Reflections from the Border

On the New President

Fr. Pat Murphy, c.s.
Director
Centro Scalabrini – Casa del Migrante
Tijuana, Mexico

Credit: Center for Migration Studies of New York

Reflections from the Border: On the New President

Since May 26, 2016, the Casa del Migrante has been inundated by press from all over the world. It seems like just about everyone wants to know more about the many refugees arriving at the border in Tijuana. In the next few days, I will do my 275th interview in the last eight months. Reporters seem to be coming from the far corners of the world, including China, Japan, Canada, France, Italy, Germany, Switzerland, Australia, Guatemala and, of course, the United States and Mexico. At this juncture, I can say that I am tired of answering what seems like the same set of questions repeatedly. Of course, most times I try to be creative and come up with new ways of telling the same story. Unfortunately, this blog is part of the problem because every time I write something for CMS, I usually get an email or phone request for yet another interview. But I have come to realize that this is an important story that needs to be told and so I will continue to respond to media requests as best as I can.

However, on November 8th everything seemed to change with the chilling announcement that Donald Trump would indeed be the next president of the United States. As the news was shared, the words that came to my mind were “shock,” “disbelief,” “regret,” and “dismay.” Now that two months have passed, I have begun to realize that the nightmare has become reality. It is a sad a time for all migrants and refugees throughout the world.

The huge wall that President Trump wants to build along the US-Mexico border will embody the message of hatred and exclusion that has fermented. It has become a wall of hatred in the hearts of so many people. This deeper wall is very dangerous for any person who looks differently. In the weeks after the election, we have seen this hate come alive in the streets of the United States, as well as in the classrooms. We have entered a stage of our nation’s life in which the potential for much evil is a real possibility.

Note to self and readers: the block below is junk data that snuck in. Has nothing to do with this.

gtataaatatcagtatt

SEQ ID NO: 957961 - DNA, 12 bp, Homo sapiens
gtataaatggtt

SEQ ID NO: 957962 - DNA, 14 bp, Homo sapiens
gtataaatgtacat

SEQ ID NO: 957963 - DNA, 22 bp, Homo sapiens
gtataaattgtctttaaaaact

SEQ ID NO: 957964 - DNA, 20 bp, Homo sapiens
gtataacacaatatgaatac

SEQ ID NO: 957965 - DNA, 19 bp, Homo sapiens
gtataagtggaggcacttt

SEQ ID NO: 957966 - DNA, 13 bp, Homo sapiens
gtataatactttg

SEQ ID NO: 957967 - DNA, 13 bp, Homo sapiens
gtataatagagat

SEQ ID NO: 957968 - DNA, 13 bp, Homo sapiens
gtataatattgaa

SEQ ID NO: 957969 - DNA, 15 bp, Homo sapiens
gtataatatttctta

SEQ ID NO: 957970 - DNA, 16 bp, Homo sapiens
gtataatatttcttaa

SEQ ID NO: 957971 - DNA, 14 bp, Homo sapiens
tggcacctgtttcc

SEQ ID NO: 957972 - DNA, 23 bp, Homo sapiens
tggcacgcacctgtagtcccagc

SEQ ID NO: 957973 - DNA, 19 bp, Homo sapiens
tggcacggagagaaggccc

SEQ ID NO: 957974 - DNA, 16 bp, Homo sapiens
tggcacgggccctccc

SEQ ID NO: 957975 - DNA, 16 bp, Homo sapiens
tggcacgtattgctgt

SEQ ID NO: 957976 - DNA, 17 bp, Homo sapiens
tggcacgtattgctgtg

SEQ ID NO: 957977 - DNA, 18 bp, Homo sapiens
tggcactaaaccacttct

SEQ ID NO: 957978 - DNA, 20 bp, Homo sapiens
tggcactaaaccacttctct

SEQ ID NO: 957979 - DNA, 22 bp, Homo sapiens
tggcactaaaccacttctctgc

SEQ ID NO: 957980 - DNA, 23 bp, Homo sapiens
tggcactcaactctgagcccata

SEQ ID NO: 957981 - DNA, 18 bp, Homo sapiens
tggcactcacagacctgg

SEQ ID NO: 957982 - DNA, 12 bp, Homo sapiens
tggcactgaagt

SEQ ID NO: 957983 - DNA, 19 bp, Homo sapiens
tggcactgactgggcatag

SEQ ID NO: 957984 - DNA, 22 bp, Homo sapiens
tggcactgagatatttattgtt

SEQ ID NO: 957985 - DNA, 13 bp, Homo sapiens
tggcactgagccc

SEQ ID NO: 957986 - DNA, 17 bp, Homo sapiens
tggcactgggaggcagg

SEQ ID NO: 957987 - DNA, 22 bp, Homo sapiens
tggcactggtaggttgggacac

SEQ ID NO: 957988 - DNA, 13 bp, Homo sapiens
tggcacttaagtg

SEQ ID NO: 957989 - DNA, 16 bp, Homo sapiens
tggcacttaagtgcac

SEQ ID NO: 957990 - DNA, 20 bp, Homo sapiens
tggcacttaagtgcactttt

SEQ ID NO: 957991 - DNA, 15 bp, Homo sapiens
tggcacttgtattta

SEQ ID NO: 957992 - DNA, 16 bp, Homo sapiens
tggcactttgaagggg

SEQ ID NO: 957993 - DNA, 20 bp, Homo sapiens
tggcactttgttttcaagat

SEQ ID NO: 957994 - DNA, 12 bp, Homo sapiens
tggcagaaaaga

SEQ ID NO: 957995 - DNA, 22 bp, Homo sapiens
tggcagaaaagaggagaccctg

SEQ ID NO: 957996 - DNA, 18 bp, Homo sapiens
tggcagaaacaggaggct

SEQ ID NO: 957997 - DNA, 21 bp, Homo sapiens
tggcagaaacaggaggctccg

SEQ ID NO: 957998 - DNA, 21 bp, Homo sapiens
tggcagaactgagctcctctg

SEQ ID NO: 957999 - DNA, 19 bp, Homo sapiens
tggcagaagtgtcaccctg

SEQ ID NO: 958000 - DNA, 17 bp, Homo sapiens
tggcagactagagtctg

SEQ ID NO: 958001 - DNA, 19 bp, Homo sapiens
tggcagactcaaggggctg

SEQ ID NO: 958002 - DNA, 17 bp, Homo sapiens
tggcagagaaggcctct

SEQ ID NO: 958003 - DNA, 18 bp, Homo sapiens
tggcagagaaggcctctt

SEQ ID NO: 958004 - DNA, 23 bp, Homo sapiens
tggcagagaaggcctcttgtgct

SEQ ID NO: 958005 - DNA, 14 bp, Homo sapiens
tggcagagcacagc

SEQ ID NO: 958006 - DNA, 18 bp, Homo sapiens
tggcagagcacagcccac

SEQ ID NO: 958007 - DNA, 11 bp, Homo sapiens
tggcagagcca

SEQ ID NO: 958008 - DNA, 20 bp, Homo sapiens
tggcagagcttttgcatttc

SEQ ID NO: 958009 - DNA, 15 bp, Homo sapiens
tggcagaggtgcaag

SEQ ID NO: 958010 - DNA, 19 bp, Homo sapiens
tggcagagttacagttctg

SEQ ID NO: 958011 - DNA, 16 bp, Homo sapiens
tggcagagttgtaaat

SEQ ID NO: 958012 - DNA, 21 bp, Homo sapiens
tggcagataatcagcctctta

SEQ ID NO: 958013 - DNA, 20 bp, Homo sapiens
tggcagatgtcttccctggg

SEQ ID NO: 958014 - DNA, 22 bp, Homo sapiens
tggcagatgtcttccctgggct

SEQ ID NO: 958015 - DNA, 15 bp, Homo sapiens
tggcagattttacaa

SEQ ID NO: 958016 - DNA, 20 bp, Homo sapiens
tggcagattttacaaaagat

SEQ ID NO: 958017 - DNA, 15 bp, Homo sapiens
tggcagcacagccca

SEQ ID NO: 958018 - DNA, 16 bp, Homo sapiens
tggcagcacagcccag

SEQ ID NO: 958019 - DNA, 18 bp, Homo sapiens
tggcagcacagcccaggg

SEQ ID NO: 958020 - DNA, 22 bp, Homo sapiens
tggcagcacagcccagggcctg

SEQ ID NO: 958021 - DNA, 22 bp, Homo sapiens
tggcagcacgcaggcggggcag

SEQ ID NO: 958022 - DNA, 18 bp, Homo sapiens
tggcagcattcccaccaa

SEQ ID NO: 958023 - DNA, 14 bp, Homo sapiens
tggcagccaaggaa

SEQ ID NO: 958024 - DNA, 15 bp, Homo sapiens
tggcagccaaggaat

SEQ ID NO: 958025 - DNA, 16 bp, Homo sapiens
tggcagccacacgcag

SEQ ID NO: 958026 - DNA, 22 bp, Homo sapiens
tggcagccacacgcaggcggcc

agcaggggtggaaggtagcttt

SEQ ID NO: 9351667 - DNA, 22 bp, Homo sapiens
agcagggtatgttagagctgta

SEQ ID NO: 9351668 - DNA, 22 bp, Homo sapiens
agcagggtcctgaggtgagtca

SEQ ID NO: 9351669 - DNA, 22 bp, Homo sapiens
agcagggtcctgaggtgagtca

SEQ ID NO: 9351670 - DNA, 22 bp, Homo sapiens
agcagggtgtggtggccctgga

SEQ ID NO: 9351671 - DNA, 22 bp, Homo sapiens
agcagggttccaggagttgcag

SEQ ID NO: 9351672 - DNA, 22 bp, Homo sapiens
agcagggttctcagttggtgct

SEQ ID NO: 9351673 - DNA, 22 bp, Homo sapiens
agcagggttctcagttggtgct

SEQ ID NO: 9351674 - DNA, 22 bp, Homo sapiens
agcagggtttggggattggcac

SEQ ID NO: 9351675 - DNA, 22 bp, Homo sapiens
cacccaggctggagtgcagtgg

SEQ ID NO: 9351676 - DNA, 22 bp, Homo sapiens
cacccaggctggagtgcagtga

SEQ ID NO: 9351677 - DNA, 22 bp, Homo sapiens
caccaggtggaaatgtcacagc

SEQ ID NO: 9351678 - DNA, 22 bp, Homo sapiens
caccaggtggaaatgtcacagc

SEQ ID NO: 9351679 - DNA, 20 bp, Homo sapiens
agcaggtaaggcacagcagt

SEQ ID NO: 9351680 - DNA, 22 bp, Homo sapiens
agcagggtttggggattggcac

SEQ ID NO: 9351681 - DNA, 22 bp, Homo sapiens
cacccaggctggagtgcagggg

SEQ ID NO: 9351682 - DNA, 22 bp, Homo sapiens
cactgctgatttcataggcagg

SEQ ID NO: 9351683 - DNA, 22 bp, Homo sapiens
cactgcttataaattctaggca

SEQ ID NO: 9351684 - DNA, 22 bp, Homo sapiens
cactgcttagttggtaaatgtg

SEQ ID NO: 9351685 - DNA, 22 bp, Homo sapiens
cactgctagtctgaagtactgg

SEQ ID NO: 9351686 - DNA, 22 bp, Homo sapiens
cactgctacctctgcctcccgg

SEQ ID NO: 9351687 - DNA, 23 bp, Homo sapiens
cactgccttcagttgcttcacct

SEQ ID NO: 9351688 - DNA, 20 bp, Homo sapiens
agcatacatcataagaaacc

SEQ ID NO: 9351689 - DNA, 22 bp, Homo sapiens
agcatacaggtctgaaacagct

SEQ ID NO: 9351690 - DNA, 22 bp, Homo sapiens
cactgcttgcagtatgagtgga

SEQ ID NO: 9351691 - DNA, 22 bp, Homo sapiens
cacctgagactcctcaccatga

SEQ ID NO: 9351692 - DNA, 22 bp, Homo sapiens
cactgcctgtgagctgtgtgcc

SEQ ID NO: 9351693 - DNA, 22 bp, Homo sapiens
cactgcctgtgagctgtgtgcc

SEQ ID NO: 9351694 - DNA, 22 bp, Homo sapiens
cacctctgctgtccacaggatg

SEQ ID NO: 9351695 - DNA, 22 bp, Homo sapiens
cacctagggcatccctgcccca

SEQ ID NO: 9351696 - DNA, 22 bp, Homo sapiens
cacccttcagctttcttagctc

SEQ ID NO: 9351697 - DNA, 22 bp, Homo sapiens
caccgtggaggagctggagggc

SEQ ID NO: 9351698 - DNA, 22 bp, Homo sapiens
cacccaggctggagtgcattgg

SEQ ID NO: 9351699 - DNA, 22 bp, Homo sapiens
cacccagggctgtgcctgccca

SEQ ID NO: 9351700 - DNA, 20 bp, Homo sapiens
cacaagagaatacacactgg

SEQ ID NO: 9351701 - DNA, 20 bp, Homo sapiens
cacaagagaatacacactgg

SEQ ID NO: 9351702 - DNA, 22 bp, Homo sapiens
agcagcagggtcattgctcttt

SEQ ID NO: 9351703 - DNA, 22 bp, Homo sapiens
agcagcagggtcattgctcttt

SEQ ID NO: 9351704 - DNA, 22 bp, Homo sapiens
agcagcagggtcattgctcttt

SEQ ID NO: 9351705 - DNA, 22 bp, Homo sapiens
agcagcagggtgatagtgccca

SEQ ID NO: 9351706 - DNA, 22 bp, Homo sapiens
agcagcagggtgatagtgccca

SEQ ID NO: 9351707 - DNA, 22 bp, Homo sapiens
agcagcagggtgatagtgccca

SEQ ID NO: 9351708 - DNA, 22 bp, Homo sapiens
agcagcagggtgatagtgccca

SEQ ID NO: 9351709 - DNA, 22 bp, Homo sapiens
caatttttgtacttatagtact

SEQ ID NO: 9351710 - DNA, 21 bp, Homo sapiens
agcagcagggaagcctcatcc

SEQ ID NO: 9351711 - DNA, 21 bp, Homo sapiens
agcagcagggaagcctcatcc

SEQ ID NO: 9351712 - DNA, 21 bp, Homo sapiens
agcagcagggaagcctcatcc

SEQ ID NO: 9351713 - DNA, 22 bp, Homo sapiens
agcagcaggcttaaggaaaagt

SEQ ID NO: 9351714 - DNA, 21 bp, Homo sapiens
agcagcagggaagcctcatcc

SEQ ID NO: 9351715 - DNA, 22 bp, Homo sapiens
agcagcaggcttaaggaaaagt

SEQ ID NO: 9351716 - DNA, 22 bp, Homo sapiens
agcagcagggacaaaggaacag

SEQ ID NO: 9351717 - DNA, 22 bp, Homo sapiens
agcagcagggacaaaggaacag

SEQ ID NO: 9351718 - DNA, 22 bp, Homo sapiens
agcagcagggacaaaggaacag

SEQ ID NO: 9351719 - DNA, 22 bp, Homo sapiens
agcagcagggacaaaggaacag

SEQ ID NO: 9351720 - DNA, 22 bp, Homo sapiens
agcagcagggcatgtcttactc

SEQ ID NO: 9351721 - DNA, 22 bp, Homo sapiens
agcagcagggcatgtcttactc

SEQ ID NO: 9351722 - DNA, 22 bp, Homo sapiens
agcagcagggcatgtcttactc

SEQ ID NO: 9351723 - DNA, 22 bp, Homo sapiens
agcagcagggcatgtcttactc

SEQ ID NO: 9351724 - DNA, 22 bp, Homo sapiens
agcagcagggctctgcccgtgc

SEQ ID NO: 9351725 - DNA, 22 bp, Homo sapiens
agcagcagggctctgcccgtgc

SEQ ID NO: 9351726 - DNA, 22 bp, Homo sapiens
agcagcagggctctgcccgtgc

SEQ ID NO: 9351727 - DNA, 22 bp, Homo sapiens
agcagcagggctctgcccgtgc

In my 64 years of life, I have never heard stories of children bursting into tears at the announcement of a new president. Yet, this is what happened when many children heard that Donald Trump had become the President-elect. There is something very wrong when this happens in a country like the United States.

Here at the Casa, the initial reactions were subdued but overwhelmingly sad. On an average evening we have about 150 guests: 100 Haitians, 40 deported Mexicans and a sprinkling of folks from places like Sierra Leone, Togo, Honduras, Guatemala, and El Salvador. All those who live at the Casa have the same common dream of a better life in the United States. However, at this moment, not a single person is optimistic or remotely hopeful that Trump’s election will make their dreams come true.

Since the election, the media onslaught has continued but what has changed is the focus of the interviews and the million-dollar question has become a very simple: Father Pat, now that Donald Trump has been elected president, what effect will his presidency have on the Casa and on the lives of immigrants and asylum seekers?

Every time I hear this question it hits me like a bucket of cold water. From where I sit, it seems to me that we are heading towards a perfect storm for immigrants and refugees. The factors lining up to create this disaster are the following:

  • The nonstop and continuous flow of asylum seekers from the south (in the month of the December, Tijuana received 2,700 Haitians);
  • In May, we were five Casas for Migrantes in Tijuana and today there are 33 shelters offering hospitality (none of which are operated by the Mexican government);
  • The lethargic snail-like pace rate in which the US government processes asylum cases (they accept only 50-60 people a day);
  • The standard US rejection of all Mexicans seeking asylum as they flee the violence of places like Guerrero and Michoacán (most are not even being given credible fear interviews by US authorities, notwithstanding the law); and
  • The promised mass deportations by President Trump could be stronger than any el Niño storm we have ever witnessed, and let us not forget his additional promises of a huge wall and possible suspension of DACA.

This situation has left me wondering as a Scalabrinian missionary for migrants: Where do I find the hope in what looks like a very hopeless situation? In fact, this is the question for all of us who are coming face to face with this perfect storm.

I have been thinking a lot about this and I have arrived at the conclusion that just maybe the silver lining of this nightmare can be found in the possibility that this election will be a giant wake-up call for all the US immigrants who never got around to becoming citizens. I find hope in the possibility that the election of Donald Trump will motivate millions of immigrants living in the United States to study and to prepare to become citizens so that in 2020 they will vote, and we can all wake up from this four-year nightmare that started on November 8, 2016.

In the meantime, my hope and my prayer for all the immigrants and refugees of the world is that they not give up, but instead be inspired by what Pope Francis suggested when he visited Ciudad Juarez: Let us live and act as Christians and let us try to build bridges and not walls.